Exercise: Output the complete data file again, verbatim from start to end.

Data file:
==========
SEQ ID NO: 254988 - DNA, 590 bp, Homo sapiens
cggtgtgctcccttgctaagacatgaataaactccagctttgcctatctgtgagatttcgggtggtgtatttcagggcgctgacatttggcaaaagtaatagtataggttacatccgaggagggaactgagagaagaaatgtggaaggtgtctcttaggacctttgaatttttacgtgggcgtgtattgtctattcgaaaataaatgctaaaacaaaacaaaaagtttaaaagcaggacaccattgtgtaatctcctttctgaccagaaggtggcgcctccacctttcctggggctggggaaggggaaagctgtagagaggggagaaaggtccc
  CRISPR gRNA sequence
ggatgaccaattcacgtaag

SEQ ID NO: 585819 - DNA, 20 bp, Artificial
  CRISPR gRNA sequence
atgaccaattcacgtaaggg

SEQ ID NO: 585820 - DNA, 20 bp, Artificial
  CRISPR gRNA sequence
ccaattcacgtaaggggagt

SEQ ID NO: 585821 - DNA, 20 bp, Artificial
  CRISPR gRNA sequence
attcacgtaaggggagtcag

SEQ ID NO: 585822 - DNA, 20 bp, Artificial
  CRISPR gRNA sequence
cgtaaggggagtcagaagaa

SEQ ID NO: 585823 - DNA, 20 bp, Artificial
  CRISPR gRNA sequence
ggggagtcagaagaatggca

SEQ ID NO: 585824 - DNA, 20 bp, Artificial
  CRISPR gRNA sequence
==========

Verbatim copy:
SEQ ID NO: 254988 - DNA, 590 bp, Homo sapiens
cggtgtgctcccttgctaagacatgaataaactccagctttgcctatctgtgagatttcgggtggtgtatttcagggcgctgacatttggcaaaagtaatagtataggttacatccgaggagggaactgagagaagaaatgtggaaggtgtctcttaggacctttgaatttttacgtgggcgtgtattgtctattcgaaaataaatgctaaaacaaaacaaaaagtttaaaagcaggacaccattgtgtaatctcctttctgaccagaaggtggcgcctccacctttcctggggctggggaaggggaaagctgtagagaggggagaaaggtccc
  CRISPR gRNA sequence
ggatgaccaattcacgtaag

SEQ ID NO: 585819 - DNA, 20 bp, Artificial
  CRISPR gRNA sequence
atgaccaattcacgtaaggg

SEQ ID NO: 585820 - DNA, 20 bp, Artificial
  CRISPR gRNA sequence
ccaattcacgtaaggggagt

SEQ ID NO: 585821 - DNA, 20 bp, Artificial
  CRISPR gRNA sequence
attcacgtaaggggagtcag

SEQ ID NO: 585822 - DNA, 20 bp, Artificial
  CRISPR gRNA sequence
cgtaaggggagtcagaagaa

SEQ ID NO: 585823 - DNA, 20 bp, Artificial
  CRISPR gRNA sequence
ggggagtcagaagaatggca

SEQ ID NO: 585824 - DNA, 20 bp, Artificial
  CRISPR gRNA sequence